LIVE REVIEW: Reef at Kentish Town Forum, London

LIVE REVIEW: Reef at Kentish Town Forum, London 1

With Reef’s latest material going in a heavier, rockier and almost AC/DC direction, it seemed appropriate for the first support act to be a rock band dressed in black. Whilst their name doesn’t have black in their title, Welsh rockers Scarlet Rebels not only looked the part but proved they were contenders who undoubtedly will be headlining London venues like the Forum.

From a new promising act came nostalgia from the main support act, the late nineties/early noughties indie/rock band ‘A’. Unlike many acts that have reformed after splitting up, ‘A’ were not about testing new material (they haven’t written any!); it was purely about taking the audience down memory lane and getting them to relive their youth and ‘A’’s peak in 2002 when their third, silver certified LP Hi-Fi Serious entered the top twenty. Whilst some of ‘A’’s back-catalogue has dated, A did something incredible at the Forum, seldom seen elsewhere. Being mindful that the audience was now 20 years older than when Hi-Fi Serious was released when the audience used to join in raucous circling mosh pits; lead vocalist Jason Perry got Kentish Town to participate in non-aggressive and non-violent “age-appropriate” mosh circling where the crowd either walked or danced in a circle. The participants couldn’t have looked happier.

Reef at Kentish Town Forum, London
© Sam Toolsie

One would have thought that for the main act, who themselves had a six-year hiatus and didn’t record a new LP for eighteen years, solely reliving halcyon memories would be a safe bet (after all, their second LP turns 25 this year). When Reef addressed the stage, they opened with a new song that shares the title of their new album, Shoot Me Your Ace. Whilst this track’s heavy rock AC/DC sound drew the crowd, there was a greater sense that Reef had found a new direction and made it their own. Reef wasn’t “Back in Black” at all, although based frontman Gary Stringer and bassist and keyboard Jack Bessant appearance with thick long hair and beards (that would make any man over 30 envious): Reef were back and bearded.

Over a third of the set was devoted to their biggest selling sophomore LP Glow; the joyous reaction to these songs didn’t appear overly superior to songs from their other five LPs. The biggest hit, “Place Your Hands”, was not played before the encore or as a playout track. The two songs from their last 2018 album, Revelation: “Precious Metal” and “Revelation”, enjoyed similar levels of BPM dancing and occasional crowd-surfing. Interestingly, Revelation and Shoot Me Your Ace material tests Gary Stringer’s vocal range more than their first four albums. The crowd respected the hunger and passion to use more energy rather than chill and croon, who showed appreciation by enthusiastically clapping on cue.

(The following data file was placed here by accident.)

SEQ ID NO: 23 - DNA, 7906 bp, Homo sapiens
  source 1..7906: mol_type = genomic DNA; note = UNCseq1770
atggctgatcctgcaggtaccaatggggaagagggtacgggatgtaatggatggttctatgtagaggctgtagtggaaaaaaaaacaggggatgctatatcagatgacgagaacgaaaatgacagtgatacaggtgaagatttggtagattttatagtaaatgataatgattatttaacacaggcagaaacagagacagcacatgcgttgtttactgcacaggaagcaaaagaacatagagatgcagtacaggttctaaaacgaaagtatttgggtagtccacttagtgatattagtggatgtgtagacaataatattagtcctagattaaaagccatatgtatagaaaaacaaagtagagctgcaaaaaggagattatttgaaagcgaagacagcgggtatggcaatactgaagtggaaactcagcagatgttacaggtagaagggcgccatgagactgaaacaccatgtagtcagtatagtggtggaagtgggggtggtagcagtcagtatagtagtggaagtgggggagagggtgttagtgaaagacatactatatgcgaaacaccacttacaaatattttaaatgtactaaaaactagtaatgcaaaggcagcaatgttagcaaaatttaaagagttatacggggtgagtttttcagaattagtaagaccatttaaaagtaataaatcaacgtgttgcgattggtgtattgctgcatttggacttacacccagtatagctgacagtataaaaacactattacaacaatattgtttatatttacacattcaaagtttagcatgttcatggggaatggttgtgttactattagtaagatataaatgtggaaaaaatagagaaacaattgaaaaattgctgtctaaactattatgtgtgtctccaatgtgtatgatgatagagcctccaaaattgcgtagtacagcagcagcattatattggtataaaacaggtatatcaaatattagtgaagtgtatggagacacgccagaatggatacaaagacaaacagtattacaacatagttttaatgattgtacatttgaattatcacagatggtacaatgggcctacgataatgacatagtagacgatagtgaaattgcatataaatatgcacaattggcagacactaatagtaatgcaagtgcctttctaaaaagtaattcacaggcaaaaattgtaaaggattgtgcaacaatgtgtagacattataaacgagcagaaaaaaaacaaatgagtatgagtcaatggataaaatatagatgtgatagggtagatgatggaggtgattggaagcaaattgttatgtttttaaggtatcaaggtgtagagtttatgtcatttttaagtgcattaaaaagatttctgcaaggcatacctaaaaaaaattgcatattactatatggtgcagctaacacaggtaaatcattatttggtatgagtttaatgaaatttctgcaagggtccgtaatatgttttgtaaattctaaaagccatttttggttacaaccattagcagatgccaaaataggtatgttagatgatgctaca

© Sam Toolsie

The choice of back catalogue songs selected also paid homage to Reef’s new direction. For example, Getaway had the most pop-rock and instant songs, including the singles “Set the Record Straight” and “Superhero”. Yet instead, they played the rockier playout track “I Do Not Know What They Will Do”, and the crowd agreed with Stringer when he said that Reef doesn’t play that song enough live. Likewise, selecting Ride’s heavy, catchy and infectious opener, “New Bird” complimented the set’s theme.

From the way bassist and keyboard, Jack Bessant shook his hair back and forth alongside live guitar band member Amy Newton (who has similar length hair minus the beard); Reef having new permanent members Jesse Wood on guitar and Luke Bullen on drums; it’s all change for Reef and fans are loving it. Also, demonstrating that they could do the old stuff as well as they did back in the late nineties didn’t hurt either.

Xsnoize Author
Michael Barron 346 Articles
Michael first began writing whilst studying at university; reviewing the latest releases and live gigs. He has since contributed to the Fortean Times as well as other publications. Michael’s musical tastes vary from Indie to psychedelic, folk and dubstep.

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